As an American working in the field of philanthropy advice and observing its evolution here, as well as in other regions of the world, I read the views of European philanthropic advisers in the latest issue of Alliance with great interest.
It’s amazing to me that we in the advisory field know relatively little about each other. Additionally, as the September issue pointed out, we are a field in search of unified standards for service provision and accountability. Certainly, most of us are members of local, regional and/or national networks that require or suggest adherence to a set of guidelines. But, lacking a larger platform through which we could also share information and engage in professional accountability, we mostly go about our own business, submit ourselves to self-scrutiny and (hopefully) measure our effectiveness through the satisfaction and continued engagement of our clients.
Yet, if I were to read that a grantee organization had this level of professionalization, I’d be very concerned. We are part of a larger effort to increase engagement in philanthropy and its effectiveness. If we are to both contribute to and learn from this effort, should we not be following the very advice we give to our clients and the organizations in which they invest?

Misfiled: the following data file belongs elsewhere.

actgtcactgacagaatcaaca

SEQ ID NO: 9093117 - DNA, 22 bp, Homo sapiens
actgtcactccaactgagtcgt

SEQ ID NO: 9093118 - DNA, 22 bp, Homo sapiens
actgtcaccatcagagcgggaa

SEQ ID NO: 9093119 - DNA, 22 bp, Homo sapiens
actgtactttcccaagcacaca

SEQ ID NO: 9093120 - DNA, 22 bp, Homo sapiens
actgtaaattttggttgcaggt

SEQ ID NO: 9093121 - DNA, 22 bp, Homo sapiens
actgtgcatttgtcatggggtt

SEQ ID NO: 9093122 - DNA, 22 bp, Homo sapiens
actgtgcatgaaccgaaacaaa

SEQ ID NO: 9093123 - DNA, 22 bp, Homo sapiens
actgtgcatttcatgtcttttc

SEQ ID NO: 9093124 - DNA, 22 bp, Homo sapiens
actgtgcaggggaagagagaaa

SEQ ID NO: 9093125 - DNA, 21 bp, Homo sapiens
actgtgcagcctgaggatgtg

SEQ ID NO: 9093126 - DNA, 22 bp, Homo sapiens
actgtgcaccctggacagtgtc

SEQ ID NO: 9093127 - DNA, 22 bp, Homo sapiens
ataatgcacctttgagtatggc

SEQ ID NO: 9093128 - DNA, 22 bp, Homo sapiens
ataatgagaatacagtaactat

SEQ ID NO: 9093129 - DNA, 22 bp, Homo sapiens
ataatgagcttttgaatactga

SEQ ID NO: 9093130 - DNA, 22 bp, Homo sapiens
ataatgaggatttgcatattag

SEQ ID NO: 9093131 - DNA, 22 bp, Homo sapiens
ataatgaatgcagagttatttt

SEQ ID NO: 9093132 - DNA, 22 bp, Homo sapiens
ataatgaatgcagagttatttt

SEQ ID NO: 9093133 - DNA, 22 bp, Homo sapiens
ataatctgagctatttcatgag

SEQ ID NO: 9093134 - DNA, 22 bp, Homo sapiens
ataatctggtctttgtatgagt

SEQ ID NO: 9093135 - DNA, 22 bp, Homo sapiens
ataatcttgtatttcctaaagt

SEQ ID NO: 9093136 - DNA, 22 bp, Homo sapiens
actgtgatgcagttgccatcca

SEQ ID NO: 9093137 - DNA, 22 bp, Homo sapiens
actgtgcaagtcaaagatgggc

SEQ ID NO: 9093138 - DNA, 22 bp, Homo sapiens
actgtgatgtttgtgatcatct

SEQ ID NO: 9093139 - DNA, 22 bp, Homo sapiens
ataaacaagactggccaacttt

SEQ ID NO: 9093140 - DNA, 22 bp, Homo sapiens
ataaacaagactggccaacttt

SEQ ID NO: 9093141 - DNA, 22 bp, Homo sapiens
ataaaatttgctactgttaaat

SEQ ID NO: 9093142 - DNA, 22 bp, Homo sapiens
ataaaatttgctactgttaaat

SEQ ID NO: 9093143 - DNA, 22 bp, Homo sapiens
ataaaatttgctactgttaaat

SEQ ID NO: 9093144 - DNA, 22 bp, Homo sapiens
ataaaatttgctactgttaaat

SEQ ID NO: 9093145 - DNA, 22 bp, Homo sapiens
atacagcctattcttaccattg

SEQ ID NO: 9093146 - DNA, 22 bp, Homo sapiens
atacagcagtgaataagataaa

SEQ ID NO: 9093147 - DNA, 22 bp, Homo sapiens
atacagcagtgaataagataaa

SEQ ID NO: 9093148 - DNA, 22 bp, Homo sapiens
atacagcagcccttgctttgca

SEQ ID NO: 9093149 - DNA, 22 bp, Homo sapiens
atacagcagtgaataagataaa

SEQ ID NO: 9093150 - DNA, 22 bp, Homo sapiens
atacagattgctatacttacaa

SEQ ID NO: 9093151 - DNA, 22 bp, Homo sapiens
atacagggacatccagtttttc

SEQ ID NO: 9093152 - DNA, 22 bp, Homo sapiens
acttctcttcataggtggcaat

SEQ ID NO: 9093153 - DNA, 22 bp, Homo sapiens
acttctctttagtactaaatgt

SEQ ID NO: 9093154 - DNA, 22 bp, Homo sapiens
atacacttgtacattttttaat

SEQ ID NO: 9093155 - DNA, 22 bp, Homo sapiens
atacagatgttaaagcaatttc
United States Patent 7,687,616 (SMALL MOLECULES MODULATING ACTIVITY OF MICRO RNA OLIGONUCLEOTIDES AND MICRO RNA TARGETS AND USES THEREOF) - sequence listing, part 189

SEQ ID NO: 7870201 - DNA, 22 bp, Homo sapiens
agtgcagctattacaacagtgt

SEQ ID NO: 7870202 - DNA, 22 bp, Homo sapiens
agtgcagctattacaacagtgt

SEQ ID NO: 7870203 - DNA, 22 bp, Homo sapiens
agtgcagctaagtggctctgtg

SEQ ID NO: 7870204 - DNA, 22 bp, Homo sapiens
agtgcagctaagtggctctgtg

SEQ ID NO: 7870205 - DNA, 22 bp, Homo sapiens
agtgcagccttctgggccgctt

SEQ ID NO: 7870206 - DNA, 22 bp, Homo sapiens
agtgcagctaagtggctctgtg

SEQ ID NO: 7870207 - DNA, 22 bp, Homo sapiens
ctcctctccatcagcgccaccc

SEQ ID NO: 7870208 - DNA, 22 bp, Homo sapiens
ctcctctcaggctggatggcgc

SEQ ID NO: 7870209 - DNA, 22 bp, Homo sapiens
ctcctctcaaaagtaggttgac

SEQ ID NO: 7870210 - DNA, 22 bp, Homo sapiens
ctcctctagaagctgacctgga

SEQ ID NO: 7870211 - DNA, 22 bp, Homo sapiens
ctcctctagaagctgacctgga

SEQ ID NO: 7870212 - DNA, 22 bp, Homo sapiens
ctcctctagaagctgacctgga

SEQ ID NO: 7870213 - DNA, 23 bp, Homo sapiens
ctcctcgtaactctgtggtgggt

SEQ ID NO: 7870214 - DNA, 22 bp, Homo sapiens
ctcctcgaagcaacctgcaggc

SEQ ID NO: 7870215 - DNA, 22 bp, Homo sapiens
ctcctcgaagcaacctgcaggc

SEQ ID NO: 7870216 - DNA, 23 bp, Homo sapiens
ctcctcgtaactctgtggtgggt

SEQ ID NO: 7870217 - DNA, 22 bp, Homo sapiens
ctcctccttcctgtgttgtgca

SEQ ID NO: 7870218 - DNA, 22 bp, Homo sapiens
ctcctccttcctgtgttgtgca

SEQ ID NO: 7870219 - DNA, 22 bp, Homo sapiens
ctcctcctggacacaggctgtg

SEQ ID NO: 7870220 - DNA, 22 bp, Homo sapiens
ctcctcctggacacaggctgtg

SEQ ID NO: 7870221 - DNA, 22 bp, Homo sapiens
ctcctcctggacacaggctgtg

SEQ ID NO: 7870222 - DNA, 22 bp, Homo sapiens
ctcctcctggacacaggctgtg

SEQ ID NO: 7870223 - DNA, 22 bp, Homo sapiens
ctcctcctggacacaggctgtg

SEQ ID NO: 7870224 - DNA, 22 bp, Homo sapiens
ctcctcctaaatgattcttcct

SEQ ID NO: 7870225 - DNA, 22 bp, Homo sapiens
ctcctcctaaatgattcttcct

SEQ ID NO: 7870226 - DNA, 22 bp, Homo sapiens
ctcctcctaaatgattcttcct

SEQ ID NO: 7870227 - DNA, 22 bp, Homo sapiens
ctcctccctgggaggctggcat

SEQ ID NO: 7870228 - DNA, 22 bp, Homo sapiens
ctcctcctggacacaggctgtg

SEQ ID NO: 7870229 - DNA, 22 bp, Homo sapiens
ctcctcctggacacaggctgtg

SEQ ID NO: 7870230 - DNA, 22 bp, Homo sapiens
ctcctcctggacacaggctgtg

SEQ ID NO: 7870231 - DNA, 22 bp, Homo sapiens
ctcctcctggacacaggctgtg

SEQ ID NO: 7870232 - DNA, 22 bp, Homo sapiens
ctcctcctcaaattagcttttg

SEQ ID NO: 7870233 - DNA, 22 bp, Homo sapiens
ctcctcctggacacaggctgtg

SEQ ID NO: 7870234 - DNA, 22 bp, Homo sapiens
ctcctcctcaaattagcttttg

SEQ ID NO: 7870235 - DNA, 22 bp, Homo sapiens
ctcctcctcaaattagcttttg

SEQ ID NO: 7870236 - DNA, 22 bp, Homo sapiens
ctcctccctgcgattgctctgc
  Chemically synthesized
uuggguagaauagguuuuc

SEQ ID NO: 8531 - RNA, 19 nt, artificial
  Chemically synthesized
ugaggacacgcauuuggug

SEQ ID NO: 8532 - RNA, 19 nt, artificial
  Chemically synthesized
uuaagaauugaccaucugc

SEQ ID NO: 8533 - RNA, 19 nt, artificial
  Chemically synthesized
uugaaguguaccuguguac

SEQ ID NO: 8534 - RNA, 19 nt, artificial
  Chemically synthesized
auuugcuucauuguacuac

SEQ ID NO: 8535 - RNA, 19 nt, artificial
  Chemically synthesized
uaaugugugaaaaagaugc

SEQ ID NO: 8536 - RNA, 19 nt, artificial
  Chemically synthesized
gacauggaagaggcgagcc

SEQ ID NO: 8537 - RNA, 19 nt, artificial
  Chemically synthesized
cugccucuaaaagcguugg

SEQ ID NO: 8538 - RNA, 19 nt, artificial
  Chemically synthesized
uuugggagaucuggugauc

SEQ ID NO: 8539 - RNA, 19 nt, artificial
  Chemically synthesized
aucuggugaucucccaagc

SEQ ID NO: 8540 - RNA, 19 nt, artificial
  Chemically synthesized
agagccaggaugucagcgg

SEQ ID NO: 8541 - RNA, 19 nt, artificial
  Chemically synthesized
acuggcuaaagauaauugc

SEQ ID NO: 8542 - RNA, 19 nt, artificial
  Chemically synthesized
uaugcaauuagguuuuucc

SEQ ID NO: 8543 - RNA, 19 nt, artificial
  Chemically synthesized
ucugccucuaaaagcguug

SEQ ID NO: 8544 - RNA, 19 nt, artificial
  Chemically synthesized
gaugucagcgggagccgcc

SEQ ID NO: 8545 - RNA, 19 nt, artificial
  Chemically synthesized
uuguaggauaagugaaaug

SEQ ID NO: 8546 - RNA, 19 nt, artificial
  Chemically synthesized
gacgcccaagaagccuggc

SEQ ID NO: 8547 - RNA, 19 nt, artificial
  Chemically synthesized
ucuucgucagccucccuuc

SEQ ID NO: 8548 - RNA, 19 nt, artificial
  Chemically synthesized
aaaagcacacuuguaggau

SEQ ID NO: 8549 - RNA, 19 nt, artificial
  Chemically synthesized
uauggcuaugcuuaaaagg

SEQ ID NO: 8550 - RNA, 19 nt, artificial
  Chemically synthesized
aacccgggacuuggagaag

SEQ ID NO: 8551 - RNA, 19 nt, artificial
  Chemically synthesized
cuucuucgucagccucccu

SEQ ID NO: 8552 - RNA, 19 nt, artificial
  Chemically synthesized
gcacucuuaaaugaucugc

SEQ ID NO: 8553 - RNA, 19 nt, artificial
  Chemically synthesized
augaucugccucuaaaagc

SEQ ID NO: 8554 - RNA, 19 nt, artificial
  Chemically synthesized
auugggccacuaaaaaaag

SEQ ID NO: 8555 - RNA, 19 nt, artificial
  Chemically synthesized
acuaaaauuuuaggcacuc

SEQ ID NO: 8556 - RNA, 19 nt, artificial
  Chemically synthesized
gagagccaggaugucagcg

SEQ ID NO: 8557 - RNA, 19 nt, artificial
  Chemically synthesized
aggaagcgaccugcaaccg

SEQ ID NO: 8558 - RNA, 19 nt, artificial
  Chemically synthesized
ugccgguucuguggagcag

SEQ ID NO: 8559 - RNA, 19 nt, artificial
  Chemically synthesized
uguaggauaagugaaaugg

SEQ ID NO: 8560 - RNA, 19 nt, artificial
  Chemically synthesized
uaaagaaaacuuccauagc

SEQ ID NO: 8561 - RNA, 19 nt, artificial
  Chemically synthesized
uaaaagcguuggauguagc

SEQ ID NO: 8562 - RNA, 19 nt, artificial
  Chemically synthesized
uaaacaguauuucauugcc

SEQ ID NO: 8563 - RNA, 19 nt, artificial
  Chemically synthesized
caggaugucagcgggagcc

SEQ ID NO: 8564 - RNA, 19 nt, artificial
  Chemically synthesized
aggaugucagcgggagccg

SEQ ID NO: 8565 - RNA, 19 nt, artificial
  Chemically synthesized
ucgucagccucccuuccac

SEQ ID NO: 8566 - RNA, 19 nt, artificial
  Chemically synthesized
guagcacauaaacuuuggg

I often urge grantees to discuss their challenges and frustrations honestly and fearlessly. While this would be complicated for advisers, given the confidential nature of their work with clients, I would still argue that we need to find a way to share some of our thornier situations and learn from one another.
Take collaboration, too. I cannot imagine recommending a client to invest in an organization that does not work with others in their field. Understandably, the relative youth and client-driven nature of our work makes it difficult to form deep partnerships with peers, but I think we all recognize the potential to build trust and goodwill with clients and prospective clients when we can collaborate on projects or refer work to peers who have a deeper expertise in specific areas of work.
Finally, we must heed our industry’s call for stronger evaluation. This is crucial not only for analysing the work of grantees but also for judging the effectiveness and transparency of foundations and other organizations involved in promoting social change. As a profession that seeks to make giving more successful, we must also strive to hold ourselves accountable to our clients, the NGOs they support and the various sectors within which we interact. This means not only working to clients’ satisfaction and our own standards of best practice, but also asking clients honestly to assess our work and what we contributed to their giving. We must also begin to develop a language to convey to donors what we do and how they can make the best use of our services.
I hope the September issue of Alliance will inspire conversations about how we can all work to create a strong framework for our field.
Senior Advisor, Strategic Philanthropy, Ltd